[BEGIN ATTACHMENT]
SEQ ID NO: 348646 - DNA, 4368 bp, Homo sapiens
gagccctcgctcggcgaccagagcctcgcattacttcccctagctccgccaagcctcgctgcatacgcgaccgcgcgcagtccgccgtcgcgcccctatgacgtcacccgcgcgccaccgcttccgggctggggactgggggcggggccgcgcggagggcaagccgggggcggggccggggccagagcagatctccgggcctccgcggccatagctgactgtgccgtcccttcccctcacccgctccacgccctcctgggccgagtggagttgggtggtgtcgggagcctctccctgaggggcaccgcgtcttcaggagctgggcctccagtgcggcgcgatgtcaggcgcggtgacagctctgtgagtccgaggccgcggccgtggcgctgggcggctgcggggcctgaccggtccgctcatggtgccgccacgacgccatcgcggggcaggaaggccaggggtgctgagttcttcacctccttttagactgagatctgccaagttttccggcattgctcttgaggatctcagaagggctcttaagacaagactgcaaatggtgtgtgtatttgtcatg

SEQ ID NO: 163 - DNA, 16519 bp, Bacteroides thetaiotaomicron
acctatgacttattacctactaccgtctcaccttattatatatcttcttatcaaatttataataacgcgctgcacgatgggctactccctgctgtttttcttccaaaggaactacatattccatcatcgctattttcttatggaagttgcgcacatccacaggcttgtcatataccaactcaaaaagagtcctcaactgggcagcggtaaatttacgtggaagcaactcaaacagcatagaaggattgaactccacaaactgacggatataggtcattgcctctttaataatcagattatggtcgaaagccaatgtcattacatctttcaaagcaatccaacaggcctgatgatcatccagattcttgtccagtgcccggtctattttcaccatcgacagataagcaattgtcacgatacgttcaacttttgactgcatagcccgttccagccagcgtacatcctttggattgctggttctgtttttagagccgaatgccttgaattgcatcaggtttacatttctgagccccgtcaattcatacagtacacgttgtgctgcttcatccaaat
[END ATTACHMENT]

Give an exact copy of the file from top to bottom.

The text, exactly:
SEQ ID NO: 348646 - DNA, 4368 bp, Homo sapiens
gagccctcgctcggcgaccagagcctcgcattacttcccctagctccgccaagcctcgctgcatacgcgaccgcgcgcagtccgccgtcgcgcccctatgacgtcacccgcgcgccaccgcttccgggctggggactgggggcggggccgcgcggagggcaagccgggggcggggccggggccagagcagatctccgggcctccgcggccatagctgactgtgccgtcccttcccctcacccgctccacgccctcctgggccgagtggagttgggtggtgtcgggagcctctccctgaggggcaccgcgtcttcaggagctgggcctccagtgcggcgcgatgtcaggcgcggtgacagctctgtgagtccgaggccgcggccgtggcgctgggcggctgcggggcctgaccggtccgctcatggtgccgccacgacgccatcgcggggcaggaaggccaggggtgctgagttcttcacctccttttagactgagatctgccaagttttccggcattgctcttgaggatctcagaagggctcttaagacaagactgcaaatggtgtgtgtatttgtcatg

SEQ ID NO: 163 - DNA, 16519 bp, Bacteroides thetaiotaomicron
acctatgacttattacctactaccgtctcaccttattatatatcttcttatcaaatttataataacgcgctgcacgatgggctactccctgctgtttttcttccaaaggaactacatattccatcatcgctattttcttatggaagttgcgcacatccacaggcttgtcatataccaactcaaaaagagtcctcaactgggcagcggtaaatttacgtggaagcaactcaaacagcatagaaggattgaactccacaaactgacggatataggtcattgcctctttaataatcagattatggtcgaaagccaatgtcattacatctttcaaagcaatccaacaggcctgatgatcatccagattcttgtccagtgcccggtctattttcaccatcgacagataagcaattgtcacgatacgttcaacttttgactgcatagcccgttccagccagcgtacatcctttggattgctggttctgtttttagagccgaatgccttgaattgcatcaggtttacatttctgagccccgtcaattcatacagtacacgttgtgctgcttcatccaaat